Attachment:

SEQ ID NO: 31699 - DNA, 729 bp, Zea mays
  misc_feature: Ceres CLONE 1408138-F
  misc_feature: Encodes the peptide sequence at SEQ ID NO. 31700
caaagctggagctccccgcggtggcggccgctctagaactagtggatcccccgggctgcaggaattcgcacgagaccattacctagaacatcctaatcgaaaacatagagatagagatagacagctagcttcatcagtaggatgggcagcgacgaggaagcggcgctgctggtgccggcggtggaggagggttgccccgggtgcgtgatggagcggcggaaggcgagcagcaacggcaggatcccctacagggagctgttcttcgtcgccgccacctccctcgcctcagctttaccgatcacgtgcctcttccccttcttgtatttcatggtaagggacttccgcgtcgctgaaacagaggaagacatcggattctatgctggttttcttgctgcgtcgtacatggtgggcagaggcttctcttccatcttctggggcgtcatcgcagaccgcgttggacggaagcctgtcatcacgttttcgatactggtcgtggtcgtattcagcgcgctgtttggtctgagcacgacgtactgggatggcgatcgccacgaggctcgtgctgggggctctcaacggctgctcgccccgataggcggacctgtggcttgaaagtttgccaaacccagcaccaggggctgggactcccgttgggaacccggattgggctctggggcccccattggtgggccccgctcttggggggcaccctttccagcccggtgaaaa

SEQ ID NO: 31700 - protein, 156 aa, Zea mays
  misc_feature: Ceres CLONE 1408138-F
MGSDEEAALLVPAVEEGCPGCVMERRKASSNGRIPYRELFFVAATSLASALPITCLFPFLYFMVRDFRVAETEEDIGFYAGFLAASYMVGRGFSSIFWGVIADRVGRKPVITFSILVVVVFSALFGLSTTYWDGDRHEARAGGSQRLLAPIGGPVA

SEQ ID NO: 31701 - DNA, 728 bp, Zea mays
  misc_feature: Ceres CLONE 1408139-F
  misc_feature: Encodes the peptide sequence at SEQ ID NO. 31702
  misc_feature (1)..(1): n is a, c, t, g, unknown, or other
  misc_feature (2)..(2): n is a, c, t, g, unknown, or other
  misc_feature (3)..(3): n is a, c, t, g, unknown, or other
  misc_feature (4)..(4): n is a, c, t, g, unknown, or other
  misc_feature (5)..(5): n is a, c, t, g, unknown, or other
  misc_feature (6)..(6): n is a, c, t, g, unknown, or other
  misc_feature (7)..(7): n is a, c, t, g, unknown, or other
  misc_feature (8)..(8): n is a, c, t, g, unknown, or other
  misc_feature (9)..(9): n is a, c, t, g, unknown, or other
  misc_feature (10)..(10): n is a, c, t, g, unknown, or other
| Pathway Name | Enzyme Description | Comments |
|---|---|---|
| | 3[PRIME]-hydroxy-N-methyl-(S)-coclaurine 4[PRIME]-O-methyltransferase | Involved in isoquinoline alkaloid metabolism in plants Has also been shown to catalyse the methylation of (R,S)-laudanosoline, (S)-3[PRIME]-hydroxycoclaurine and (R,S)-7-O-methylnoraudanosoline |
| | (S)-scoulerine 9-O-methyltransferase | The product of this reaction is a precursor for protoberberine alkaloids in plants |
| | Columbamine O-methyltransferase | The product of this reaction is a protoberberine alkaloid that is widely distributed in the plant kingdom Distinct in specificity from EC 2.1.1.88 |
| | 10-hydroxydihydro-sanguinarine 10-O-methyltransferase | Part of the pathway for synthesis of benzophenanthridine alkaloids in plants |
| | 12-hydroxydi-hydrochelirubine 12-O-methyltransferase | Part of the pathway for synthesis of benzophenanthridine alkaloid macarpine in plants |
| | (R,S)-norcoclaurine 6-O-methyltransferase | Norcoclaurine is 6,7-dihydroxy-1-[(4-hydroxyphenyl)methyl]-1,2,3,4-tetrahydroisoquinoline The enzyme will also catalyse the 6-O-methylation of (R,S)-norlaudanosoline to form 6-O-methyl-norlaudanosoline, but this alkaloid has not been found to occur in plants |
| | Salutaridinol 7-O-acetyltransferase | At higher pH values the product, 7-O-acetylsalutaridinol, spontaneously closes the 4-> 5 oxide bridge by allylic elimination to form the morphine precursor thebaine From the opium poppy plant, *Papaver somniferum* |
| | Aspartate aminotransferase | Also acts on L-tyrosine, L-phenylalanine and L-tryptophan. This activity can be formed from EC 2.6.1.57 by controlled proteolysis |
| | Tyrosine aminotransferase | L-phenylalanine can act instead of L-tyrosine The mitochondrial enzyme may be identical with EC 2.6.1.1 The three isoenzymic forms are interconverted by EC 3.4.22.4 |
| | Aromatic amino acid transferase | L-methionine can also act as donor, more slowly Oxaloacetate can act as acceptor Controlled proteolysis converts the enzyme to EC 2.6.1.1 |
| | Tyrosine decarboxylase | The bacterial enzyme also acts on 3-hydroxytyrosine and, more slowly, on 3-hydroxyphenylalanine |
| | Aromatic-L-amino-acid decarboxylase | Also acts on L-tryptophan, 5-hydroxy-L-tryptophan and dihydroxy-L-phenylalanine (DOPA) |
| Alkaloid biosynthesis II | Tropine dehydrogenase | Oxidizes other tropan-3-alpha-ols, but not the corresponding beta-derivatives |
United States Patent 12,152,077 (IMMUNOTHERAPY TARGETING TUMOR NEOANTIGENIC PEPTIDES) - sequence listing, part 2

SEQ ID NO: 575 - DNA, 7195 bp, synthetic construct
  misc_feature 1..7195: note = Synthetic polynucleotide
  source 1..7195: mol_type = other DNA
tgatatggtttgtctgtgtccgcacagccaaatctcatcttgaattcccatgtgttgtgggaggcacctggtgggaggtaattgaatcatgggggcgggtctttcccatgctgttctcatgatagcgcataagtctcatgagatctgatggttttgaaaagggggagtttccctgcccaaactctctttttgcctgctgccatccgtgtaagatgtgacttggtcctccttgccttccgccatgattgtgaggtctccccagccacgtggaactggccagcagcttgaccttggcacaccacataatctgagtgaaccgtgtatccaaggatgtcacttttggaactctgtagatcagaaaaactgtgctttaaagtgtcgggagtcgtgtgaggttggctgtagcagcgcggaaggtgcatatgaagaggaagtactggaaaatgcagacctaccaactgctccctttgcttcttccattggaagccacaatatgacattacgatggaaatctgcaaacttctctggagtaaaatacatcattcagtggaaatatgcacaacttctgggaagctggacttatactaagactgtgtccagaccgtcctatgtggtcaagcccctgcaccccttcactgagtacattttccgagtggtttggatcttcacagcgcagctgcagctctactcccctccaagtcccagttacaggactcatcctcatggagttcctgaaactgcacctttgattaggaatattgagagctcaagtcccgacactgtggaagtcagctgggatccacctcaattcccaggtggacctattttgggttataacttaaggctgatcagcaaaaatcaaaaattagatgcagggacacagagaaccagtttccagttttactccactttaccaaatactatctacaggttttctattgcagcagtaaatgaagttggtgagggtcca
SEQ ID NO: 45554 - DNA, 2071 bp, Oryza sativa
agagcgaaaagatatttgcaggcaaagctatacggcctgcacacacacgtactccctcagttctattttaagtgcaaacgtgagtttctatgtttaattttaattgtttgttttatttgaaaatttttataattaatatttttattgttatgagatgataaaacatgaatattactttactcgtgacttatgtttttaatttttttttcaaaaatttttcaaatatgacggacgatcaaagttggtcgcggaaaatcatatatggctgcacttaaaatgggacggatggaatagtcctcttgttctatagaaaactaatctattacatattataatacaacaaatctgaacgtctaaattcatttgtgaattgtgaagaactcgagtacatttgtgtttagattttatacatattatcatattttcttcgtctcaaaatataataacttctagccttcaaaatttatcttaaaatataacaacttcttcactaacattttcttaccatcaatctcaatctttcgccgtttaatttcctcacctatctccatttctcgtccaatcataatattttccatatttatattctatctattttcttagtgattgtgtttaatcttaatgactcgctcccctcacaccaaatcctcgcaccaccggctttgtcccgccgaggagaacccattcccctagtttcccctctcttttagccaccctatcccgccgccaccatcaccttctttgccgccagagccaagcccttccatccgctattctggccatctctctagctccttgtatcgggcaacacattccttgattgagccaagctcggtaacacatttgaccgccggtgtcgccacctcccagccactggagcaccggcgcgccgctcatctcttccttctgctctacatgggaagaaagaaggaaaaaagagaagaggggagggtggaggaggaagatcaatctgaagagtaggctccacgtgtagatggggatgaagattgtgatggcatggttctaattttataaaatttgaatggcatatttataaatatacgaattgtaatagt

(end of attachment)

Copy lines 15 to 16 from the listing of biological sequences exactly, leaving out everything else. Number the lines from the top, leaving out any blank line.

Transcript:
  misc_feature (5)..(5): n is a, c, t, g, unknown, or other
  misc_feature (6)..(6): n is a, c, t, g, unknown, or other